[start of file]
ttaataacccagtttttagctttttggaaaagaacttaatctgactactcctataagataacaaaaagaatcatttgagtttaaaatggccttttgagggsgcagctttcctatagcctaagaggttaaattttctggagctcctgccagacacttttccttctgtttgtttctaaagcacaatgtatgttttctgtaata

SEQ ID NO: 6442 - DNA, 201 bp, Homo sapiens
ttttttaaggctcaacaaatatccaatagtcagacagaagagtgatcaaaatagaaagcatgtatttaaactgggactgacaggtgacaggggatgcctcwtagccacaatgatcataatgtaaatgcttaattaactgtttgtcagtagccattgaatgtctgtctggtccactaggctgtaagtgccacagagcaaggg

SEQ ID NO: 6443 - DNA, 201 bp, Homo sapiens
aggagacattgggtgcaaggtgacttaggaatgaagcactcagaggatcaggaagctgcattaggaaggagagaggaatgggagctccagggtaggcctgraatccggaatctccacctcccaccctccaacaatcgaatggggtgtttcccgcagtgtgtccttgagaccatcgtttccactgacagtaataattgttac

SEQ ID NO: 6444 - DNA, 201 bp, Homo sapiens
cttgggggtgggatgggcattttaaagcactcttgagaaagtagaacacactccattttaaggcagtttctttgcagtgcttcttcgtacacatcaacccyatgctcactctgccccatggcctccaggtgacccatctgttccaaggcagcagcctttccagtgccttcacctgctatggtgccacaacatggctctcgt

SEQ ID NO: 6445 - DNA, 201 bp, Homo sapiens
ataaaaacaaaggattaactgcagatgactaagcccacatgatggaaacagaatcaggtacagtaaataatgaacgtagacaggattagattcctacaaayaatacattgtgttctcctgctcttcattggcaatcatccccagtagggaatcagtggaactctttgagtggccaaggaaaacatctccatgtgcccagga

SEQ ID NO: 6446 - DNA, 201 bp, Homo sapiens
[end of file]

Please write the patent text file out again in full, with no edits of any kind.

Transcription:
ttaataacccagtttttagctttttggaaaagaacttaatctgactactcctataagataacaaaaagaatcatttgagtttaaaatggccttttgagggsgcagctttcctatagcctaagaggttaaattttctggagctcctgccagacacttttccttctgtttgtttctaaagcacaatgtatgttttctgtaata

SEQ ID NO: 6442 - DNA, 201 bp, Homo sapiens
ttttttaaggctcaacaaatatccaatagtcagacagaagagtgatcaaaatagaaagcatgtatttaaactgggactgacaggtgacaggggatgcctcwtagccacaatgatcataatgtaaatgcttaattaactgtttgtcagtagccattgaatgtctgtctggtccactaggctgtaagtgccacagagcaaggg

SEQ ID NO: 6443 - DNA, 201 bp, Homo sapiens
aggagacattgggtgcaaggtgacttaggaatgaagcactcagaggatcaggaagctgcattaggaaggagagaggaatgggagctccagggtaggcctgraatccggaatctccacctcccaccctccaacaatcgaatggggtgtttcccgcagtgtgtccttgagaccatcgtttccactgacagtaataattgttac

SEQ ID NO: 6444 - DNA, 201 bp, Homo sapiens
cttgggggtgggatgggcattttaaagcactcttgagaaagtagaacacactccattttaaggcagtttctttgcagtgcttcttcgtacacatcaacccyatgctcactctgccccatggcctccaggtgacccatctgttccaaggcagcagcctttccagtgccttcacctgctatggtgccacaacatggctctcgt

SEQ ID NO: 6445 - DNA, 201 bp, Homo sapiens
ataaaaacaaaggattaactgcagatgactaagcccacatgatggaaacagaatcaggtacagtaaataatgaacgtagacaggattagattcctacaaayaatacattgtgttctcctgctcttcattggcaatcatccccagtagggaatcagtggaactctttgagtggccaaggaaaacatctccatgtgcccagga

SEQ ID NO: 6446 - DNA, 201 bp, Homo sapiens